A Teaming Approach:
Washington State's Integrated Basic Education Skills Training
For additional I-BEST information including program summaries and application: click here.
A program designed to reach students with limited English proficiency seeking the
skills that lead to higher wage and higher skills jobs.
The I-BEST approach creates classroom teams of English as a second language (ESL)/adult basic education (ABE) instructors and professional-technical instructors, who co-teach an integrated course of language and vocational skills training at the same time. I-BEST is new, but results from the demonstration projects have been noteworthy. When compared to traditional ESL students at the same proficiency level studying during the same time period, students in the I-BEST program earned five times more college credits and were 15 times more likely to complete workforce training. To learn more see Overview Of I-Best.
Read the I-Best Mission Statement.
I-BEST by Job Type.
I-BEST Homeland Security / Emergency Management Associated Programs.
- What is Integrated Basic Skills Training? (back to top)
Integrated Basic Skills pairs English as a Second Language (ESL), Adult Basic Education (ABE), and General Education Development (GED) instructors with professional-technical instructors in the same classroom to concurrently provide literacy education and workforce skills training to Basic Education (ABE/GED) and English as a Second Language adult students.
This integrated approach provides just the right level of education in just the amount for students to succeed in workforce training. In this integrated model, the Basic Skills curriculum is tailored to the skills that are needed to learn and do the job for which the student is training. The basic skills are all taught in the context of the career.
The State of Washington's economy is highly dependent on the creation of pathways to success in the workforce for English Language Learners and Adult Basic Education students. The Integrated Basic Skills program fully addresses the need to provide work skills and basic education in a timelier manner. This has proven to be an effective approach to teaching and learning, for ESL, ABE and GED students. (back to top)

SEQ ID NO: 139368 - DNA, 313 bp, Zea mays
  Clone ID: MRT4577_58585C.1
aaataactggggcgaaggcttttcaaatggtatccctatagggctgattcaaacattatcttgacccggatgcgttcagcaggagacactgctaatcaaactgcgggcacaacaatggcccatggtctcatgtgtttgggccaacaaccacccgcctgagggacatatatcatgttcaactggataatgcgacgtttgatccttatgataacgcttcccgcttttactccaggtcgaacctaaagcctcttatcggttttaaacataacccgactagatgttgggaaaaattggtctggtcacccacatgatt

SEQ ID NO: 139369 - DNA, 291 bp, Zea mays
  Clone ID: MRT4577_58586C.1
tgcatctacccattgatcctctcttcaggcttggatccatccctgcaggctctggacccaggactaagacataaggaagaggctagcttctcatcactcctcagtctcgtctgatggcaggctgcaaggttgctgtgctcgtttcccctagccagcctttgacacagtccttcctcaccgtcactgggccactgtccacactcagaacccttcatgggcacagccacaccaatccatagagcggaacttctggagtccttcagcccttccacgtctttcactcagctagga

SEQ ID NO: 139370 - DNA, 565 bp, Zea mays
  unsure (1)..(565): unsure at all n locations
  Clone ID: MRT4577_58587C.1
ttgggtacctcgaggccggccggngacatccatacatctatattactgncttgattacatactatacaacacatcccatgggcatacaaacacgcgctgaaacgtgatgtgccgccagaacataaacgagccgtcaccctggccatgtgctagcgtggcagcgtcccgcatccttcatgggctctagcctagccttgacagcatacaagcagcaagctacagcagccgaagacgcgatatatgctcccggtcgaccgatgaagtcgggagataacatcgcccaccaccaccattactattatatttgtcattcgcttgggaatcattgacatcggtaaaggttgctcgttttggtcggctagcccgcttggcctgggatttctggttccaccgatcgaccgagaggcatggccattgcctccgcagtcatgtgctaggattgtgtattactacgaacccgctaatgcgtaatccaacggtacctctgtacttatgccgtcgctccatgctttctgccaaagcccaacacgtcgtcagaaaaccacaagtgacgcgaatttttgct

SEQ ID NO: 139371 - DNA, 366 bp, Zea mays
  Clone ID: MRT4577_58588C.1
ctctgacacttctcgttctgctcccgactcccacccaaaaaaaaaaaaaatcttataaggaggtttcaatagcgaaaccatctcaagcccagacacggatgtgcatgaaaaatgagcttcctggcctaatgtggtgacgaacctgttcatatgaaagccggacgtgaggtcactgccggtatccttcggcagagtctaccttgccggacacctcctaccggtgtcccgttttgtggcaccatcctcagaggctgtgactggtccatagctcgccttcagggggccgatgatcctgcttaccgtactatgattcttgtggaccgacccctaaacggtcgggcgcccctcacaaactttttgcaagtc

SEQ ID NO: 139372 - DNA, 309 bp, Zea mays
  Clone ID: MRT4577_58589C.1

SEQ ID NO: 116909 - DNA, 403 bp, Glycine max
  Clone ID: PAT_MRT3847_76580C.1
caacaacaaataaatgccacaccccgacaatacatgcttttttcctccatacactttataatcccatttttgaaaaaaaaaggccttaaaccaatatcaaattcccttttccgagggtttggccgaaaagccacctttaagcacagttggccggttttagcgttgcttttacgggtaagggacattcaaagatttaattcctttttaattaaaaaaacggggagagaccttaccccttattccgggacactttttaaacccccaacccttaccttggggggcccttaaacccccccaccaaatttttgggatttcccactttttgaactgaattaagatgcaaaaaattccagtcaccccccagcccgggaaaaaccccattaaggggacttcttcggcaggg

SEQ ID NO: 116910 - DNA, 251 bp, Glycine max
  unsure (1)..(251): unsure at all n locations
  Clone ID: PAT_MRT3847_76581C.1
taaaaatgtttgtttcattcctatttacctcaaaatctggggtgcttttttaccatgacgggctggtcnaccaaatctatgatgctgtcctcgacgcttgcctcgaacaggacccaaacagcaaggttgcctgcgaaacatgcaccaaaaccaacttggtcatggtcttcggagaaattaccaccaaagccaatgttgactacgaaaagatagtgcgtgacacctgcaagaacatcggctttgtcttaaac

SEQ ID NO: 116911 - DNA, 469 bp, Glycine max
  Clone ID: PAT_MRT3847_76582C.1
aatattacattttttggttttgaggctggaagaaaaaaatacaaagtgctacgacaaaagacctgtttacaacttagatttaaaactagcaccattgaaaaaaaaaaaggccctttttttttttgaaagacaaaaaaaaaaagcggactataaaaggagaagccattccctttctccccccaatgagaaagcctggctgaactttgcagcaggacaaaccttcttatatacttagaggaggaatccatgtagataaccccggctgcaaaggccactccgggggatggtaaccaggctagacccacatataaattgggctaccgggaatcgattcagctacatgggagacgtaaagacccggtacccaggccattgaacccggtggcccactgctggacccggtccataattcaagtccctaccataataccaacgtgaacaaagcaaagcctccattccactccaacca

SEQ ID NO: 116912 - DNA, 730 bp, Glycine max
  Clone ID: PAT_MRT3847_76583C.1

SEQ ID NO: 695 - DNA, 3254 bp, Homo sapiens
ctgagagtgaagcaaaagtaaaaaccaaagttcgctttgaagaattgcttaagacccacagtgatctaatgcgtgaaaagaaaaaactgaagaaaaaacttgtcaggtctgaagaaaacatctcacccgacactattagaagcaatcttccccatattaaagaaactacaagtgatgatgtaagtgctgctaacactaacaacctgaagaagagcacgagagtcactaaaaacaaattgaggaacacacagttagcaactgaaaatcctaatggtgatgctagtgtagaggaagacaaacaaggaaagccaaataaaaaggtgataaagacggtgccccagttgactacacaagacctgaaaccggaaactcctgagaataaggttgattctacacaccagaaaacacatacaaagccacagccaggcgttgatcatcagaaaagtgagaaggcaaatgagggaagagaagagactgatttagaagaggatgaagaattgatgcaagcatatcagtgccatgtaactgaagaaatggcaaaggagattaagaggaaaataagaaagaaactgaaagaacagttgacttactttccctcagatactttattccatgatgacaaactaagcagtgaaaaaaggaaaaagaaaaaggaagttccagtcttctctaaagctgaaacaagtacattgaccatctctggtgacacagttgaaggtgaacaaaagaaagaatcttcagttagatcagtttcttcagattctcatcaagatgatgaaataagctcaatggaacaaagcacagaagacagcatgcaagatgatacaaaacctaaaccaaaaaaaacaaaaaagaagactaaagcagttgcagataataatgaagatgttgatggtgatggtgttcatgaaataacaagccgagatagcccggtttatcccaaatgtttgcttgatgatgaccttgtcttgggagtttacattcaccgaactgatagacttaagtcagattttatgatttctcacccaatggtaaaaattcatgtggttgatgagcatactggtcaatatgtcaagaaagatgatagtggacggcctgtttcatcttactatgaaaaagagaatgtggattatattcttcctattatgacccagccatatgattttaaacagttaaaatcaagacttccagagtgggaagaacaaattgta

- Is this program successful? (back to top)
Over the past two years 10 Integrated Basic Skills programs were piloted in Washington State and produced the following results:
Integrated students were 5 times more likely to earn college credits than were traditional Basic Skills students!
Integrated students earned an average of 10 college–level credits compared to only 3 college–level credits earned by the students in traditional Basic Skills classes!
Integrated students earned an average of 12 workforce credits as compared to only 2 workforce credits earned by the comparison group!
Integrated students were 15 times more likely to complete workforce training!
44% of the integrated students completed workforce–training programs as compared to only 3% of the comparison group!
Most of these completions were in short term certificate programs that provide living wage employment opportunities and educational progression.
Dropout rates among this segment of the college's student population have also been significantly reduced. (back to top)
- Integrated Basic Skills is: (back to top)
Open to all Adult Basic Education (ABE), General Education Development (GED) and English as a Second Language (ESL) adult learners, we are a supportive community that promotes respect for cultural diversity. Our purpose is to provide quality academic and workforce skills training and teaching excellence so that adult learners may:
Earn a college certificate that prepares them to work in a high demand career;
Increase their academic skills while earning college–level credits applicable to a college degree;
Design a career pathway that provides meaningful mileposts and real destinations;
Increase their abilities and opportunities for advancement in their chosen career;
Build a bridge to the future through a commitment to life–long learning. (back to top)